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Furniture-on-Wheels Makes This Home's Kitchen Super Flexible

By Dwell @dwell
Cedar cladding on Australian home.

Architect Andrew Simpson and the owners wanted to keep the design simple and grounded with “a sense of modest honesty.” In terms of the exterior, “as much of the existing cedar cladding as possible was retained and reused.”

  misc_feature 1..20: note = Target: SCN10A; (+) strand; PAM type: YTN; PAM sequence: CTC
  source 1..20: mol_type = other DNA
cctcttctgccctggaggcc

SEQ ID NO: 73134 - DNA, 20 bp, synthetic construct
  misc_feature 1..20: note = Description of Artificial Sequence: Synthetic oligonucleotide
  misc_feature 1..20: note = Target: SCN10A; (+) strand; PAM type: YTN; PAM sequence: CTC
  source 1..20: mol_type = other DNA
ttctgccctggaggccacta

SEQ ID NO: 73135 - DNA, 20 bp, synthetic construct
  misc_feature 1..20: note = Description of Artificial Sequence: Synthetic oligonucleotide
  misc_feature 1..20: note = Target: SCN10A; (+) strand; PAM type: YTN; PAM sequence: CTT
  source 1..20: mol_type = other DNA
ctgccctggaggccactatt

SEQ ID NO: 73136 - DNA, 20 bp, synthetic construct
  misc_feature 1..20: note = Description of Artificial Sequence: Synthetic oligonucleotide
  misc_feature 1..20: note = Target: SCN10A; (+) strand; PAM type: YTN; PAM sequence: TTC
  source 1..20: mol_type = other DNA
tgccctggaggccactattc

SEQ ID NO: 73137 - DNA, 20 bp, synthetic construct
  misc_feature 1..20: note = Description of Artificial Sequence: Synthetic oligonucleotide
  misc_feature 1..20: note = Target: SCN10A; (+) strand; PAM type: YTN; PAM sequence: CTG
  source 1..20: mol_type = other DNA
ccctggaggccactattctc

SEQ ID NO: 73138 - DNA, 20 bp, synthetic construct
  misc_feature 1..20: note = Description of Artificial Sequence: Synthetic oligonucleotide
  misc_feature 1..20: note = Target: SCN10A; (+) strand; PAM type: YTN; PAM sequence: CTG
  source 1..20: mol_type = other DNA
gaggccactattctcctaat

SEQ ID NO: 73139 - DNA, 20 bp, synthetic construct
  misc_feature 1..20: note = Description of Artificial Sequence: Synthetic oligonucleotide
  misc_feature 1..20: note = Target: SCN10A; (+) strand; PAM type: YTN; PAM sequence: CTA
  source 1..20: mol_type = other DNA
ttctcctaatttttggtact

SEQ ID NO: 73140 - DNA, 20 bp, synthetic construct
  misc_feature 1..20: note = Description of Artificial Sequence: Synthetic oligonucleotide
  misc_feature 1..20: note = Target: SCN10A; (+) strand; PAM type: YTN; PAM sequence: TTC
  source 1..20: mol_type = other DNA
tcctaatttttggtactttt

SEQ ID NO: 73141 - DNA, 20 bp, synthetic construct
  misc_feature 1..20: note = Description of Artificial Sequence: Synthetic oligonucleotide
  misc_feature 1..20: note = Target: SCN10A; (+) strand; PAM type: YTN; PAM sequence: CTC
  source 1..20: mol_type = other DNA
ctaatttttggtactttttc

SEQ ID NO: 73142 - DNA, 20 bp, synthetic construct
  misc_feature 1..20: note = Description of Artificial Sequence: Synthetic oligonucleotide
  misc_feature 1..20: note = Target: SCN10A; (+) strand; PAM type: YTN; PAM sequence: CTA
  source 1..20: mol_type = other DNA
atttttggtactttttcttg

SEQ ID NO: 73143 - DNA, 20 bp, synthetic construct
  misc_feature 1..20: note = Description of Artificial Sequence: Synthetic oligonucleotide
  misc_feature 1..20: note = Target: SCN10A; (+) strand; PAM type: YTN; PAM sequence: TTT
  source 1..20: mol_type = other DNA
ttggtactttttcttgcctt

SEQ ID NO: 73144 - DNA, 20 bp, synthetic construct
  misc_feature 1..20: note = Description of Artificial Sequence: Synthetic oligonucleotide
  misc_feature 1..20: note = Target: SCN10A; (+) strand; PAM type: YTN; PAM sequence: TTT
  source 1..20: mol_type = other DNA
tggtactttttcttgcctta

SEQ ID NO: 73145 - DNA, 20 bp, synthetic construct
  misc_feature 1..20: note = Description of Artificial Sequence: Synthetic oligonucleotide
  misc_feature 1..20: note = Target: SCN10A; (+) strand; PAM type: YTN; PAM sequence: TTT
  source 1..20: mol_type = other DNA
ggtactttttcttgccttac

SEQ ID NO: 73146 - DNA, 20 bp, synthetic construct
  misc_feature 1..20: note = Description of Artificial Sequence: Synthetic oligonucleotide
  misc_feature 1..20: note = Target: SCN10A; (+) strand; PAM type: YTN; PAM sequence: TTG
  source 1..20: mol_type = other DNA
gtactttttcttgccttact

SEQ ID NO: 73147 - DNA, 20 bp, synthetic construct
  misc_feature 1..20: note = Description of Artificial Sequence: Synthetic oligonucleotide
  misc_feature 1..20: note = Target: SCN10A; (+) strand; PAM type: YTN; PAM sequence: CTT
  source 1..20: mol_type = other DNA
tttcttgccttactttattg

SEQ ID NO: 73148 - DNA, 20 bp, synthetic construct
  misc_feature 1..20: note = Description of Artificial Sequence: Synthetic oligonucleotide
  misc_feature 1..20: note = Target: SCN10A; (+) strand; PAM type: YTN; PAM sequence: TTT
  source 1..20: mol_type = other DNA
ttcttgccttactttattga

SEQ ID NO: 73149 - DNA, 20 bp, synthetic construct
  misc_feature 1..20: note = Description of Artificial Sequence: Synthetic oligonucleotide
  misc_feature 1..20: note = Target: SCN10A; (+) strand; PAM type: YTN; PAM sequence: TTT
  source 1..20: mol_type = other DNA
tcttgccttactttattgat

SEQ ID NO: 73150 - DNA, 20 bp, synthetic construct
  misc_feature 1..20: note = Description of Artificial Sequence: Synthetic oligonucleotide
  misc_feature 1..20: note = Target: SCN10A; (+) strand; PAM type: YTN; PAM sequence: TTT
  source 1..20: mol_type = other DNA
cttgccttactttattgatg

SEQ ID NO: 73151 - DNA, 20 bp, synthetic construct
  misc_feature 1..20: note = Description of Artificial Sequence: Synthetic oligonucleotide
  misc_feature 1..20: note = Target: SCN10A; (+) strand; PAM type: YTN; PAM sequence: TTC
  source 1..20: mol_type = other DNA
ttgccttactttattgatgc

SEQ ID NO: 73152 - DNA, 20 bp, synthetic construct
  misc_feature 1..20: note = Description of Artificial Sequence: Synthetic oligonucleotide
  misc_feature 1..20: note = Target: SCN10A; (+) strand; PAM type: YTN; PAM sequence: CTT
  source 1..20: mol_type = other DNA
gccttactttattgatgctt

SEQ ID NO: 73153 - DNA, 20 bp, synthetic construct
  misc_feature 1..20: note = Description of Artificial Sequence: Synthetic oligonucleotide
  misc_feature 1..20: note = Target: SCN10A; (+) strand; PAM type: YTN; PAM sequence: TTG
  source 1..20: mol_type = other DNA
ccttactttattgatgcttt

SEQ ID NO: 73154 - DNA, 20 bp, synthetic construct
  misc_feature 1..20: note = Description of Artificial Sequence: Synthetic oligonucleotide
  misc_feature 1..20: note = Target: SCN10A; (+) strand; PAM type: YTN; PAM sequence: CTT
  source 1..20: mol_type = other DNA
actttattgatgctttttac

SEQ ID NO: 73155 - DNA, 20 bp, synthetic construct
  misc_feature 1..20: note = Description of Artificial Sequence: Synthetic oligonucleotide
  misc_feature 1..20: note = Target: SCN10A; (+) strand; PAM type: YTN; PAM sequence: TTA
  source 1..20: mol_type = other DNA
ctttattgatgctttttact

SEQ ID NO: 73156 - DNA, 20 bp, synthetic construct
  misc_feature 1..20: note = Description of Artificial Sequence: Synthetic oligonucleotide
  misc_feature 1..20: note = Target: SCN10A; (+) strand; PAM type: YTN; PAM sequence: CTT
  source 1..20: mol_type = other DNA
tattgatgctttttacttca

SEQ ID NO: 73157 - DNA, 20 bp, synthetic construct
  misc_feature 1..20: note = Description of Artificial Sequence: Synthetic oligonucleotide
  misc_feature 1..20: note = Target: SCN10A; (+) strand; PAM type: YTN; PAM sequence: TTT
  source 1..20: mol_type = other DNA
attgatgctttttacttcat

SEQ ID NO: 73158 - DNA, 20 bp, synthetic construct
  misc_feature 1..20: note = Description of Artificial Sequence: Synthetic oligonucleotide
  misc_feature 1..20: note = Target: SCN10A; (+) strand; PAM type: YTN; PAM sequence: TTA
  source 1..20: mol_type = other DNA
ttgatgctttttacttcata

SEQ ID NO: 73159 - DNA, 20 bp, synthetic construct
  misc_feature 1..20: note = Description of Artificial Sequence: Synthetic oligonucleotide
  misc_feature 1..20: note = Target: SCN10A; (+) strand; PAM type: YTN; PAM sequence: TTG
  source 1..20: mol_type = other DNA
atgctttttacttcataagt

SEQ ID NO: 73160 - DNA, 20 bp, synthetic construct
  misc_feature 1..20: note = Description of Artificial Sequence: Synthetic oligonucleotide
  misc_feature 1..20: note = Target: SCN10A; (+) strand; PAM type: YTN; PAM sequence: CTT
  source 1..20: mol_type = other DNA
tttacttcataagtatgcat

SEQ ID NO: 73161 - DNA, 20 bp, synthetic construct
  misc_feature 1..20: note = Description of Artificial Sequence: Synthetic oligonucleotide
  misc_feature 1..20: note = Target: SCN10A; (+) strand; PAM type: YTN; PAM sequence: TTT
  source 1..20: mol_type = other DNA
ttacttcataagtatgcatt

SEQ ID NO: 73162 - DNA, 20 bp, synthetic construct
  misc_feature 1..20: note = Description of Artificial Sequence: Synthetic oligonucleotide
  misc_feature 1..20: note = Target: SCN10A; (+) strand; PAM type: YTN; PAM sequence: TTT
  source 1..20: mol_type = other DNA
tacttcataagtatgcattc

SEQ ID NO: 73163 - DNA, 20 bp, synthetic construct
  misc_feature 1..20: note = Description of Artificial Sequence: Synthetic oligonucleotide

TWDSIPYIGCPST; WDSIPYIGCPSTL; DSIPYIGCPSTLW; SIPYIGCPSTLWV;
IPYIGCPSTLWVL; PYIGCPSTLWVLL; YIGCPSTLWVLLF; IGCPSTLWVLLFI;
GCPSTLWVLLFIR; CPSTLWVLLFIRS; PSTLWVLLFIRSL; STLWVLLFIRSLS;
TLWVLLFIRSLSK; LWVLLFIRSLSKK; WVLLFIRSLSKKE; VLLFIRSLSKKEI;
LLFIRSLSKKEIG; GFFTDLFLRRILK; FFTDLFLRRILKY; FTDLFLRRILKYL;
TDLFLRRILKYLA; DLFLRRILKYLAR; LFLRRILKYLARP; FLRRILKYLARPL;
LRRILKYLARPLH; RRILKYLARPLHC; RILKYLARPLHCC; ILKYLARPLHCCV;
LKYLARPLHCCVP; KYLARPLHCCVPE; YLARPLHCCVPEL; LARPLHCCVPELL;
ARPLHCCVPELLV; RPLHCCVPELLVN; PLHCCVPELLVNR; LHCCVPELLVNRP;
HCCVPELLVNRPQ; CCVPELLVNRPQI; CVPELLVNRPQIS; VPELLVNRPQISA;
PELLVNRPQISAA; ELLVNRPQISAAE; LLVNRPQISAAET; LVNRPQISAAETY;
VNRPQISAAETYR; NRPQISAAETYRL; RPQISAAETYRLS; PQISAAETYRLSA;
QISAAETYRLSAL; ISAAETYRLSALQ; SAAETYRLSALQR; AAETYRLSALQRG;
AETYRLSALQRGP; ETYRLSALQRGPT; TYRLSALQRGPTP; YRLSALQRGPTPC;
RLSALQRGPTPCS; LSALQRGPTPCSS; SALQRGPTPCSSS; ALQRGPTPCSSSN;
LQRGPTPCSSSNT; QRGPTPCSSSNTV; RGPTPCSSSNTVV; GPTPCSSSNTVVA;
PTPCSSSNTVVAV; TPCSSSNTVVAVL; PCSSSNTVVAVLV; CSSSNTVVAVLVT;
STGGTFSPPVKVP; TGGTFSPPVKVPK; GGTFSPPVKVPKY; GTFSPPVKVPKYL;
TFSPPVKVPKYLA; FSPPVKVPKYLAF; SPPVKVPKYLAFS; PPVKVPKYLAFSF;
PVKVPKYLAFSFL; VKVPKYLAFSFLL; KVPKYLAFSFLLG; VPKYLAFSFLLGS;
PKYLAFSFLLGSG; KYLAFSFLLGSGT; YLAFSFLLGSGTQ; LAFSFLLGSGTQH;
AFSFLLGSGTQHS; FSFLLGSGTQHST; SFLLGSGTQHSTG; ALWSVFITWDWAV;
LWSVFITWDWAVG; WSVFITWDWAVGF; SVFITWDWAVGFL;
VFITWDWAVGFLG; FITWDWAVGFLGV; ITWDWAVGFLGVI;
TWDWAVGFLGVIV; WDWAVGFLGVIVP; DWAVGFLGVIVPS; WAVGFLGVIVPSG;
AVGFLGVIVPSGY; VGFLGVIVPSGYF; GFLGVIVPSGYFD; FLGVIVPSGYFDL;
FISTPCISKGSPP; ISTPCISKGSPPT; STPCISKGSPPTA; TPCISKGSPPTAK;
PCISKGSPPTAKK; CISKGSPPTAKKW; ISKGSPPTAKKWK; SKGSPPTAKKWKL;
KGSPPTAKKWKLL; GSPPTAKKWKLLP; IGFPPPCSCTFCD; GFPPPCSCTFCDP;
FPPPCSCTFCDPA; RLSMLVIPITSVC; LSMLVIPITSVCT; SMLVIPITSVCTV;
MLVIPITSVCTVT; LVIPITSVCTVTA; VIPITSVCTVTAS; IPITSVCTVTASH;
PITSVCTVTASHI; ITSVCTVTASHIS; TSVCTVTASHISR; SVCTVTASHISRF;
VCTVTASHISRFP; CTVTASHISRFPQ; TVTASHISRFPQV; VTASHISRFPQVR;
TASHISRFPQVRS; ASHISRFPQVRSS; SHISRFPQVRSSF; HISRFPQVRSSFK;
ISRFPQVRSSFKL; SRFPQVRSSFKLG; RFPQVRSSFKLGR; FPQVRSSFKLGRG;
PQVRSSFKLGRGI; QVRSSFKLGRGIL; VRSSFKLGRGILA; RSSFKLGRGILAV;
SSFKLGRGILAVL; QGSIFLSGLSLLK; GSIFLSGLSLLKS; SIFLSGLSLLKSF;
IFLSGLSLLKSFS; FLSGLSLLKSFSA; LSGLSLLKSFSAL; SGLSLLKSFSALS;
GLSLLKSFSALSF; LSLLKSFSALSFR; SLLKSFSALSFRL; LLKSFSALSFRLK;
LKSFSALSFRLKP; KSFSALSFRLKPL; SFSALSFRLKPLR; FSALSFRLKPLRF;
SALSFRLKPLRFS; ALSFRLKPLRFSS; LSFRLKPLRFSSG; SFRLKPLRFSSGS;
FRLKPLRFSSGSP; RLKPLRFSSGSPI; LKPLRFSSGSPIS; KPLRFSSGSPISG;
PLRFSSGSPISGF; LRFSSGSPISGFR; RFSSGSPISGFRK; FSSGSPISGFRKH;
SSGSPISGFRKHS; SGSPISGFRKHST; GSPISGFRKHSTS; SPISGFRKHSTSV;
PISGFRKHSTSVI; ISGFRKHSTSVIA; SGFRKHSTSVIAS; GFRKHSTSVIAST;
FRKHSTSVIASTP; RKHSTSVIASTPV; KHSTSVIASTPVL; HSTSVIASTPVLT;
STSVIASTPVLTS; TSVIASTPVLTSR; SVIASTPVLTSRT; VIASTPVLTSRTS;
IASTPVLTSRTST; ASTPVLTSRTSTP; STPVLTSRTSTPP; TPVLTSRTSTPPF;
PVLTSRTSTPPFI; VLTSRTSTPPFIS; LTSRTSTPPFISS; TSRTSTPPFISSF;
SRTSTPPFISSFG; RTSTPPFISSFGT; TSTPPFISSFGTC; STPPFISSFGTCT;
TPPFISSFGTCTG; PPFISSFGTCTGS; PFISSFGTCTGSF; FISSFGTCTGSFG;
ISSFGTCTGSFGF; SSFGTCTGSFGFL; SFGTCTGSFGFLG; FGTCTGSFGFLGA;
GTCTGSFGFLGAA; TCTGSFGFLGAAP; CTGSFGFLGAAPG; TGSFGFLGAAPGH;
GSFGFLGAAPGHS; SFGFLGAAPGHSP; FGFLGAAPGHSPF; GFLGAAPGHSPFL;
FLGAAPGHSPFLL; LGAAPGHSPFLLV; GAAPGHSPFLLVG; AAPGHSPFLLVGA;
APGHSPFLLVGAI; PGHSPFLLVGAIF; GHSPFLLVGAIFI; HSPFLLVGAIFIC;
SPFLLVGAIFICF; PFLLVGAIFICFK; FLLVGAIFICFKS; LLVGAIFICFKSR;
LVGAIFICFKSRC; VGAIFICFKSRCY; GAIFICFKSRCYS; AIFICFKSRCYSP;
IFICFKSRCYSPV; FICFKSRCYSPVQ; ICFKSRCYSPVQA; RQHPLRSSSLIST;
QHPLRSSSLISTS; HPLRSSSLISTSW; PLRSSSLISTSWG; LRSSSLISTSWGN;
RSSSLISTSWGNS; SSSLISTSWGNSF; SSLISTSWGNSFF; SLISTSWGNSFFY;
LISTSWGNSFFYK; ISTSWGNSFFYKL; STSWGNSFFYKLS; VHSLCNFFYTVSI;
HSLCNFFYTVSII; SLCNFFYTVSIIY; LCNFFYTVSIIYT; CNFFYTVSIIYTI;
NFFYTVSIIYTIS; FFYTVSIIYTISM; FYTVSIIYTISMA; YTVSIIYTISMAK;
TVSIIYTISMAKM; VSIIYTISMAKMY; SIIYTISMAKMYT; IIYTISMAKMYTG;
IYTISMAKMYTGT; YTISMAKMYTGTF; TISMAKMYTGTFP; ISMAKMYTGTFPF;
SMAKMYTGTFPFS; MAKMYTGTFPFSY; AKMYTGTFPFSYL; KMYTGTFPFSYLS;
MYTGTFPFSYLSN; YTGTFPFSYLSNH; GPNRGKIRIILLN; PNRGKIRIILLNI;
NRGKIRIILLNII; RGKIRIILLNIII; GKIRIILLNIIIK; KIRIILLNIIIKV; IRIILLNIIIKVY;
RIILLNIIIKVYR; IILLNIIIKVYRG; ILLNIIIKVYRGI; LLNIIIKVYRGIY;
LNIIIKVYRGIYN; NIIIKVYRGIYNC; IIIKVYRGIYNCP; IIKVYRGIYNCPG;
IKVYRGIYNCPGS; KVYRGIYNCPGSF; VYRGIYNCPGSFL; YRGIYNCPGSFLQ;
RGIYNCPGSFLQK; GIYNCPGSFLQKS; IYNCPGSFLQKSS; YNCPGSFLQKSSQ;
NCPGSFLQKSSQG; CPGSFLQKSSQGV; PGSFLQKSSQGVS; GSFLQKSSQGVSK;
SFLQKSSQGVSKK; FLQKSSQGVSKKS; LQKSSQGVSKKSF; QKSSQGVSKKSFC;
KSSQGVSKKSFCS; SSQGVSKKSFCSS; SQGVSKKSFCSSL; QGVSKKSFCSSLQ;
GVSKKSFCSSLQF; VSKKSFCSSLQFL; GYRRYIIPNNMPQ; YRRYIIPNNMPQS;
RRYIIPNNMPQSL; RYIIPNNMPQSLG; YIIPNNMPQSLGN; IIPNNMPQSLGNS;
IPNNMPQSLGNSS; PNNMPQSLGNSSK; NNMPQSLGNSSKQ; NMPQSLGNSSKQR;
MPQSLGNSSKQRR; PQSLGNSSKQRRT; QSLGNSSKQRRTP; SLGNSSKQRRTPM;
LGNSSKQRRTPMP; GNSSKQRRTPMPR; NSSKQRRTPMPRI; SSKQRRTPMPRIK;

After years of searching for a retreat of their own, a family found this secluded site on the northwest edge of Australia’s Phillip Island. It was a pastoral spec of land two hours from Melbourne and bounded by wetlands. The property featured a 20th century chicory kiln: a cedar-clad concrete structure once used to dry the vegetable of the same name. The clients wanted to convert the kiln into a structure where rooms—even the main staircase—could be adjusted according to changing needs. Architect Andrew Simpson answered this request for “open-endedness,” as he calls it, while respecting historical preservation guidelines for the facade.  Complicating factors, the building was not in good shape: walls were crumbling and cross-ventilation to combat the heat was scarce. Simpson resolved these issues by honoring what could be saved and prescribing new, simple features that made the building into a viable home.

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